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12.1 Understanding Behaviors

Dreamweaver Behaviors are prepackaged JavaScript programs that let you add interactivity to your Web pages with ease, even if you don't know the first thing about JavaScript. By adding behaviors, you can make your Web pages do things like:

  • Make layers appear and disappear.

  • Require visitors to fill out certain fields in a form (Chapter 11)梬hen, for example, you want to make sure that an email address or name is entered before the form is submitted.

  • Open a new browser window to a specified size, with or without scroll bars, status bar, location bar, and other Web browser "chrome."

  • Let your visitors navigate a Web site using a pop-up menu.

  • Give feedback to the visitor in a dialog box or in the browser's status bar.

Try it yourself. See examples of all of Dreamweaver's Behaviors on the companion Web site for this book:

12.1.1 Behavior Elements

To use a behavior, you bring together three elements: an action, an event, and an HTML tag:

  • The action is whatever the behavior is supposed to do梠pen a new browser window or display a message in the browser's status bar, for instance.

  • The event is the trigger that causes the action to happen. It's usually something your visitor does, like clicking a Submit button on a form.

  • Finally, you apply the event and the action to an HTML tag to bring interactivity to your Web page.

Let's say you want to let visitors access different Web pages on your site by using a pop-up menu (also known, ironically, as a drop-down menu)梐 common forms element. This menu lists the different pages of your site?span class="docEmphasis">About This Company, Contact Us, See Our Products, and so on.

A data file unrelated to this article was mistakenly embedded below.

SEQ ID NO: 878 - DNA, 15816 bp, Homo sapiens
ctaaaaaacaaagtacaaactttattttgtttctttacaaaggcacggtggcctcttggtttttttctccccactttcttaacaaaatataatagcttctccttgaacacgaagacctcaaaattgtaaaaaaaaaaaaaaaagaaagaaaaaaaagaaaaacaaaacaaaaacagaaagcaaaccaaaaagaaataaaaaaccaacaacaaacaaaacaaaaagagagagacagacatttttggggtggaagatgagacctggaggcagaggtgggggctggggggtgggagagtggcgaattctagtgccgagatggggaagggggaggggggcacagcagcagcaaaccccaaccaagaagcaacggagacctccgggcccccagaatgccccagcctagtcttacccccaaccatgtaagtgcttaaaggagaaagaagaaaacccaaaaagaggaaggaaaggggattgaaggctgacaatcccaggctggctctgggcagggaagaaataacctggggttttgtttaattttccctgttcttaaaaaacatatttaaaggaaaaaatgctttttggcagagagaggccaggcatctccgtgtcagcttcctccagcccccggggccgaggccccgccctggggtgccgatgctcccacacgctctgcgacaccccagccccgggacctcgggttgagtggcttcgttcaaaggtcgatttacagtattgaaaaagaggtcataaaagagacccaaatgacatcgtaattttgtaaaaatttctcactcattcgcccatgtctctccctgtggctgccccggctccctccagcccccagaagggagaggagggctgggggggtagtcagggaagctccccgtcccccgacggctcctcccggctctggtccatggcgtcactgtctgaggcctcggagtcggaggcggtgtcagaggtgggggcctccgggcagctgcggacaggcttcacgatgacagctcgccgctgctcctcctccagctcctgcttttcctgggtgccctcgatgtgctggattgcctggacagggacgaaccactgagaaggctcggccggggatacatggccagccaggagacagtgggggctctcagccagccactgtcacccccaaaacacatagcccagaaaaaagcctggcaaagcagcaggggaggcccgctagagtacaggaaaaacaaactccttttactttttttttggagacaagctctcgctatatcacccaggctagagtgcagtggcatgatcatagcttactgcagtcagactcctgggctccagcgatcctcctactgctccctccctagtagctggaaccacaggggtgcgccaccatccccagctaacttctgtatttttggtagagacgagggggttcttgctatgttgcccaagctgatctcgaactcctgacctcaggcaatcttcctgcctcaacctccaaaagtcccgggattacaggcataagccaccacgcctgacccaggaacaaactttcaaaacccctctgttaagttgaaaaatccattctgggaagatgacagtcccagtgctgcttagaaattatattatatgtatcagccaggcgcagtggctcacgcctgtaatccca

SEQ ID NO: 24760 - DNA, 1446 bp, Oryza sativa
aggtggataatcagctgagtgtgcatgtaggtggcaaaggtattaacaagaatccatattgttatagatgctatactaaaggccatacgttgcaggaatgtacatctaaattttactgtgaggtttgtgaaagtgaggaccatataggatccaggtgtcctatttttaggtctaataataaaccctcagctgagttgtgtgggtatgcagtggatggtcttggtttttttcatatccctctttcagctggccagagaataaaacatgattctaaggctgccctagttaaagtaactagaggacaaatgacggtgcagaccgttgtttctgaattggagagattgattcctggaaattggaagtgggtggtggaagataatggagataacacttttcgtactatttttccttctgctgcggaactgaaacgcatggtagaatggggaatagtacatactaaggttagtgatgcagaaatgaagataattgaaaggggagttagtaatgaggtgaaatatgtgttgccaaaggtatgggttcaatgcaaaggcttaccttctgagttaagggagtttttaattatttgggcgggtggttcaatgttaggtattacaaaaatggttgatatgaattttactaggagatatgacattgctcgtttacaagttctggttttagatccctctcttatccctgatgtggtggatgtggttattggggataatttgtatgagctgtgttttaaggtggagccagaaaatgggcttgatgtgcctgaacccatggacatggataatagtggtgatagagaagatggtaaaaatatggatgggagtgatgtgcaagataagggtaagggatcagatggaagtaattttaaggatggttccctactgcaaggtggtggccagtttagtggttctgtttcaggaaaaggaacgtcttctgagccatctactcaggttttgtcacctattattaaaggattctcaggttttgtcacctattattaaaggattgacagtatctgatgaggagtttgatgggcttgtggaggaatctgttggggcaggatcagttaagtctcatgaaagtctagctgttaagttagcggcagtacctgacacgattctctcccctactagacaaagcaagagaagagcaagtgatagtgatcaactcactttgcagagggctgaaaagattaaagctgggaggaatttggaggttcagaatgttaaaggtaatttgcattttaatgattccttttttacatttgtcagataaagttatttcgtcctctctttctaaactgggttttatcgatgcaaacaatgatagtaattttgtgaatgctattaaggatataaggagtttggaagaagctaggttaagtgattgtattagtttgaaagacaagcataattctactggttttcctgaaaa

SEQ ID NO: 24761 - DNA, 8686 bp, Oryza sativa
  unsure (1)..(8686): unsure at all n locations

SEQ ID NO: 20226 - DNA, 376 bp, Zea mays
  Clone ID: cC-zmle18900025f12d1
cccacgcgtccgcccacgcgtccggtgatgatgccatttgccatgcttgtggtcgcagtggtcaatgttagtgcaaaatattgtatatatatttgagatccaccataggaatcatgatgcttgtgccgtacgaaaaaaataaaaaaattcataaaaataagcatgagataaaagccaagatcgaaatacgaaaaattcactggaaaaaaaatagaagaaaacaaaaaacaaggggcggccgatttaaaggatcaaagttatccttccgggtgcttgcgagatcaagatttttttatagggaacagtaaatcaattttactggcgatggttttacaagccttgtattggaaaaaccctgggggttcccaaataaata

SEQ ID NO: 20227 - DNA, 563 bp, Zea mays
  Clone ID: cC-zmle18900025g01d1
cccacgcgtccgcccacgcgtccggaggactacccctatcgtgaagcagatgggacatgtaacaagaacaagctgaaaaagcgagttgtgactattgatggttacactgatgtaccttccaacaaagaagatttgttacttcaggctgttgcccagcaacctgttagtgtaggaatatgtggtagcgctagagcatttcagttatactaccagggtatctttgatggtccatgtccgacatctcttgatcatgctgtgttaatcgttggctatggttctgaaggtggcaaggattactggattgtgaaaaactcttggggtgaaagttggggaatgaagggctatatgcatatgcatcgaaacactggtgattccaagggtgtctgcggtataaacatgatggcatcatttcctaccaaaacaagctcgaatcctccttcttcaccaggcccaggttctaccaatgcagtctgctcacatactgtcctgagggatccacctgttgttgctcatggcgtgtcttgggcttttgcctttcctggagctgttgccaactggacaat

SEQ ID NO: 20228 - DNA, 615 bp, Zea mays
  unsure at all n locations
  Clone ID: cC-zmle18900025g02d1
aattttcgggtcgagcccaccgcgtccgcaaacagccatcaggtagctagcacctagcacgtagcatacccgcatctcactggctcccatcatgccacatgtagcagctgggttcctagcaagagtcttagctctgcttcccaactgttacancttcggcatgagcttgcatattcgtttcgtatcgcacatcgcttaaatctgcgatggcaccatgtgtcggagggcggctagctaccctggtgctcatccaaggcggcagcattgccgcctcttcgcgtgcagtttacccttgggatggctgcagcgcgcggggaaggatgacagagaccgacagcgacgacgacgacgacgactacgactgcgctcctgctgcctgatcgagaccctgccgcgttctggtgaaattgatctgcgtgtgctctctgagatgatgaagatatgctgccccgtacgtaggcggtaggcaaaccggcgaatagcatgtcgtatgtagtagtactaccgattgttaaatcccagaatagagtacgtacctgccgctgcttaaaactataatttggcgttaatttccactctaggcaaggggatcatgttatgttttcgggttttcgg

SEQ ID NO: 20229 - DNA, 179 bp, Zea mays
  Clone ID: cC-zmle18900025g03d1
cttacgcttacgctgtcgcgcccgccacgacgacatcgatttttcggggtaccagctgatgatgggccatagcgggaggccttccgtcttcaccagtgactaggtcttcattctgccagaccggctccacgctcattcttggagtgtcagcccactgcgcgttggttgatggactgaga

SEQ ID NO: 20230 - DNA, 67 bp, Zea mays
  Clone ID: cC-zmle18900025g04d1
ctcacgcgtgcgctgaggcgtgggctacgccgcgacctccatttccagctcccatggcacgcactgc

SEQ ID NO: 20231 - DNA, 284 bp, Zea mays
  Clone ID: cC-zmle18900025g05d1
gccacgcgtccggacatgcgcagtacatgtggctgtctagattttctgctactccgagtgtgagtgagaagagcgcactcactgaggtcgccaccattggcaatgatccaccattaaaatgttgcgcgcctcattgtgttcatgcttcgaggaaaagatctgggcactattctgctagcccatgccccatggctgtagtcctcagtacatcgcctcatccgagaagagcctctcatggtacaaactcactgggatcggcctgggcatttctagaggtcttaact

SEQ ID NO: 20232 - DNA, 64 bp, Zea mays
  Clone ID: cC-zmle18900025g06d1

When someone selects one of the options from the menu, his browser opens the Web page for that section of the site. In this case, the HTML tag is the pop-up menu itself梐 <select> tag; the action is opening another Web page in the site; and the event brings the two together so that when your visitor makes a selection from the pop-up menu, his browser goes to the selected Web page. Voila梚nteractivity!

Behaviors and Added Code

I hear the JavaScript that Dreamweaver produces adds excessive lines of code, unnecessarily adding to a page's file size. Is this a reason not to use Behaviors?

In some cases, it's true that a JavaScript programmer could write a program that does what a Dreamweaver behavior does using less code.

However, Dreamweaver Behaviors were created to work in as many browsers as possible without producing errors in older browsers. The hitch is that JavaScript doesn't work the same in all browsers or even in all versions of browsers. Indeed, many browsers have until recently understood JavaScript so differently that programmers have resorted to elaborate workarounds, requiring a lot of experience, practice, and patience.

Accordingly, the engineers at Macromedia use their vast understanding of JavaScript, HTML, and Web browsers, to ensure that Dreamweaver Behaviors work in as many browsers as possible. At times, this compatibility may lead to larger files with more lines of code, but it also gives you the assurance that your Web pages will work for the broadest audience possible

12.1.2 More About Events

When people visit a Web page, they do more than just read it梩hey interact with it. You already know that when someone clicks a link, the browser reacts by loading a new Web page or jumping to a named anchor (Section 4.4).